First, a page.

Figure 3. Courtois “Arbuckle”;
serial no. 15548

Figure 4. Courtois “Arban”;
serial no. 19108

Figure 5. Besson (Paris) Modèle français; Breveté 1854. Serial 4193 (Rue d’ Angoulème)

Figure 6. Besson (Paris) Modèle français “à bosse”; Breveté 1855. Serial 422 (Rue de Trois Couronnes)

Besson, meanwhile, stuck to the modèle français configuration, patenting two models in the 1850s (Figures 5 and 6), and adding two more (Figures 7 and 8) in the 1870s (Eldredge, unpub.).

Figure 7. Besson (Paris) Modèle français “élève”; Breveté 1872. Serial 23001

Figure 8. Besson (Paris) Modèle français “étoile”; Breveté 1874. Serial 57458

In the early 1870s, however, they introduced their first two “modèle anglais” designs—(1) the “Desideratum” (Figure 9), manufactured up to the beginning of World War II, and (2) the forerunner to the “Concertiste” (though this model name did not actually appear until a slightly modified version was patented in 1888—see Figure 10), manufactured into the 1960s (albeit with fixed leadpipes near the end).

Figure 9. Besson (Paris) Modèle anglais “Desideratum”; Breveté ??; Serial 78092

Figure 10. Besson (Paris) Modèle anglais “Concertiste”; Breveté 1888; Serial 72036

The Besson modèle anglais instruments (also including the 1889 “Soliste” model) were their most expensive; they featured the usual removable mouthpiece receiving shank (to allow pitch adjustment—most commonly from Bb to A), and a second tuning slide on the “leadpipe” just before the valve assembly (to change between “high” and “low” pitch—otherwise achieved by changing the main tuning slide on Courtois and many other makers’ instruments)—and, of course, the by-then traditional “shepherd’s crook.” But with their single water key and 1½  turn “wrap,”  these Besson instruments, with the addition of a fixed leadpipe and a longer bell, survive as the conventional design of cornets today. Moreover, the valve assembly of the early Besson Desideratum and Concertiste of the 1870s—and especially as modified in the 1888 Concertiste design (“perce pleine”)—is the configuration seen today on the Bb Périnet-valved cornets (and trumpets) of virtually all modern makers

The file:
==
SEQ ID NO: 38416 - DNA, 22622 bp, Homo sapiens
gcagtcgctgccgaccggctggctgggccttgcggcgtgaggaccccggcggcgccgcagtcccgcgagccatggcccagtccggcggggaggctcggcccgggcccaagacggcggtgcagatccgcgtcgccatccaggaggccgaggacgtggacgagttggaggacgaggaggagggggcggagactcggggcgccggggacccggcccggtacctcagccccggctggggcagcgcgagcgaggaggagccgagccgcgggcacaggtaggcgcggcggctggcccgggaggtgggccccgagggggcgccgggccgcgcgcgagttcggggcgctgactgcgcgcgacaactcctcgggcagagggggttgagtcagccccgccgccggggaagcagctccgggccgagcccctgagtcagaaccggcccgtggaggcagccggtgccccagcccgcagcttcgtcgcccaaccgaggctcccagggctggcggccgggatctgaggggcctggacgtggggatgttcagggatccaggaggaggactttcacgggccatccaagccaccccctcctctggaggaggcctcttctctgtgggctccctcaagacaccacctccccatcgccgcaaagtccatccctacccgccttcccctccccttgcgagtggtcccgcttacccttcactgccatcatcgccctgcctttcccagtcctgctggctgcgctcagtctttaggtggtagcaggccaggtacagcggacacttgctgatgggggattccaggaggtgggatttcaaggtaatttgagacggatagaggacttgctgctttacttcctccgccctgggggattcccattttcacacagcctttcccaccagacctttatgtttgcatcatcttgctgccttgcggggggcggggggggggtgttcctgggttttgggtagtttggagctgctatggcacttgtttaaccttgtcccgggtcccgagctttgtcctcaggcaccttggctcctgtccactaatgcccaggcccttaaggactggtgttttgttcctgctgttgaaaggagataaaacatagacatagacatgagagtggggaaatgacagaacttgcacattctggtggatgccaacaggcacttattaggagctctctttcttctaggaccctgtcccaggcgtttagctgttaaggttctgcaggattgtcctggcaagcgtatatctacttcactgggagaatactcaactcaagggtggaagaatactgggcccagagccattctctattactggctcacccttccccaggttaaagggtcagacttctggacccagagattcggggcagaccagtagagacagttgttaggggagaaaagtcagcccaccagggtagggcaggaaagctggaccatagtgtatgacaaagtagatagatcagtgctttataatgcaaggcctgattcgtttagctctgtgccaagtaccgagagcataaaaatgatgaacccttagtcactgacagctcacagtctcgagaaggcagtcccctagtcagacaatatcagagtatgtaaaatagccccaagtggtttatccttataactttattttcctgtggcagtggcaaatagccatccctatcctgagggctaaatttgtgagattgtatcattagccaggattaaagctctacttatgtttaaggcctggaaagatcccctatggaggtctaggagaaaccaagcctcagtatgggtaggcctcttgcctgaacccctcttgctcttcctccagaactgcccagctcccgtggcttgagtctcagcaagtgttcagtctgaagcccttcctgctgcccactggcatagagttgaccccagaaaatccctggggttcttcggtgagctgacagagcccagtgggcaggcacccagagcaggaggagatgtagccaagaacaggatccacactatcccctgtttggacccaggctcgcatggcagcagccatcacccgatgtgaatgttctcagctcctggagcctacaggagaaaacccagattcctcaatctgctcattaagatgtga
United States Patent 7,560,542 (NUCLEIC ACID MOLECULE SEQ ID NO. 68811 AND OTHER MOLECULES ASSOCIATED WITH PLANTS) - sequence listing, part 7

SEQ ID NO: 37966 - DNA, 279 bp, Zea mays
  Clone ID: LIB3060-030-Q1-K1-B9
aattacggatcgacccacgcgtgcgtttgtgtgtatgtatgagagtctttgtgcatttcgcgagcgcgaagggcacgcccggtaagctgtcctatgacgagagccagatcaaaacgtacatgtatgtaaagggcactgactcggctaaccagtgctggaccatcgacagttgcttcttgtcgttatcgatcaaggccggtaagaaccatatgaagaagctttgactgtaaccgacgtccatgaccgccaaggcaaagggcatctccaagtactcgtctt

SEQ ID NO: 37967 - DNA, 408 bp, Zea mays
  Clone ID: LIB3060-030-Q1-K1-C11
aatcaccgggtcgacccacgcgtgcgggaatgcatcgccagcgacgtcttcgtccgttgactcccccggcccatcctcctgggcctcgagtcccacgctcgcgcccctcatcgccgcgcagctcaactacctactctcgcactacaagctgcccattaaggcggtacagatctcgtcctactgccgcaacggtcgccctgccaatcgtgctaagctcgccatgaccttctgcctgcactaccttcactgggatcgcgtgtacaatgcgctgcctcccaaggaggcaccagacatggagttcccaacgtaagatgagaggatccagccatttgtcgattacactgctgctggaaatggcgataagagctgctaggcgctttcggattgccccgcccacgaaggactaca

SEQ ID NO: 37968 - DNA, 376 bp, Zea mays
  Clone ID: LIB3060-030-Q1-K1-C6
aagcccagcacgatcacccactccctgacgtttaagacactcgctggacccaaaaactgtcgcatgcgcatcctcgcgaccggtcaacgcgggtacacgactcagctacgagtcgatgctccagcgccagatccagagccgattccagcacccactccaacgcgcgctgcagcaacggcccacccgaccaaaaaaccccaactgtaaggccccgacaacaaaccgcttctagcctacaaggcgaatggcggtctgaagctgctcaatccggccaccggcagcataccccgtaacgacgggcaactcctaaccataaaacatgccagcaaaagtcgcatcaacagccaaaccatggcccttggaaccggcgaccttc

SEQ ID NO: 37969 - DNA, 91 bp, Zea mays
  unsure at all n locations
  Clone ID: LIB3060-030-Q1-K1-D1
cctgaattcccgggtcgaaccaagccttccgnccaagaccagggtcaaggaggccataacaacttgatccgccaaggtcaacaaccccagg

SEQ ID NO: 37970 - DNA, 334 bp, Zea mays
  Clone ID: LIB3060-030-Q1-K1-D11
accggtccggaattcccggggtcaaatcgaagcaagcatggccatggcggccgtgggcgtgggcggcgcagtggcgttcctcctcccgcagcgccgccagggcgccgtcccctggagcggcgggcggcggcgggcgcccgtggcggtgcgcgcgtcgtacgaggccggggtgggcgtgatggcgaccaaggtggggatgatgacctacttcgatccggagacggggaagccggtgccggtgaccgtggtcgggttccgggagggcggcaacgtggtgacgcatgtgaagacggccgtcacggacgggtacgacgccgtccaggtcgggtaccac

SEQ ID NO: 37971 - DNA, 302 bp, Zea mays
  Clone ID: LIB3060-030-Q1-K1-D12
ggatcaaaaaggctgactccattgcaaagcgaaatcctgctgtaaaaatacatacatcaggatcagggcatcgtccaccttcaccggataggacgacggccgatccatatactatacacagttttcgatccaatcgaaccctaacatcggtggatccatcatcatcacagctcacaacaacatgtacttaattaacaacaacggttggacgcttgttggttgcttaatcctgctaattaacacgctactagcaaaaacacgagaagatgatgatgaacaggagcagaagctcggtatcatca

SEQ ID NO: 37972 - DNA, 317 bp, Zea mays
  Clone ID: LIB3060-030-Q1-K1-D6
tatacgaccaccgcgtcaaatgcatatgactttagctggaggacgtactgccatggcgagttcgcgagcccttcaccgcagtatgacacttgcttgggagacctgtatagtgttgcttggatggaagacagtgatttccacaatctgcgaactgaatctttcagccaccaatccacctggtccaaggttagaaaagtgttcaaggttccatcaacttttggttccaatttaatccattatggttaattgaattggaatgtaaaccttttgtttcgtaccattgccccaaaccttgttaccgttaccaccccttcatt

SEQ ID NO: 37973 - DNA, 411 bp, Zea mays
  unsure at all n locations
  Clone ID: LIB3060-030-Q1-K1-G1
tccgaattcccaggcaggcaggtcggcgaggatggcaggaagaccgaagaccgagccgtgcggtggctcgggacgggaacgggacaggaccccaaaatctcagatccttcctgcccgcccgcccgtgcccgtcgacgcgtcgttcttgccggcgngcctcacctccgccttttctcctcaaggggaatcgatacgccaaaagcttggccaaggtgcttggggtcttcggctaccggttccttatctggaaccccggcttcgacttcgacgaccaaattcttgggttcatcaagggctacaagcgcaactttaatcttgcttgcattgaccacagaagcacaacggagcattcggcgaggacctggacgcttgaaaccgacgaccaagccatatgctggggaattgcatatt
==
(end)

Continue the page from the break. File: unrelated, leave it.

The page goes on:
Photos & Text, ©2000 Niles Eldredge; Illustrations, ©2000 Budd Jahn

 

About the Author
Niles Eldredge is a Curator in the Department of Invertebrate Paleontology at the American Museum of Natural History in New York. "The French Connection" is the abstract of the paper he will present at the joint American Musical Instrument Society and Historic Brass Society meeting to be held in Toronto in November, 2000. His most recent books are The Pattern of Evolution (1999) and The Triumph of Evolution....and The Failure of Creationism (May, 2000), both published by W.H. Freeman..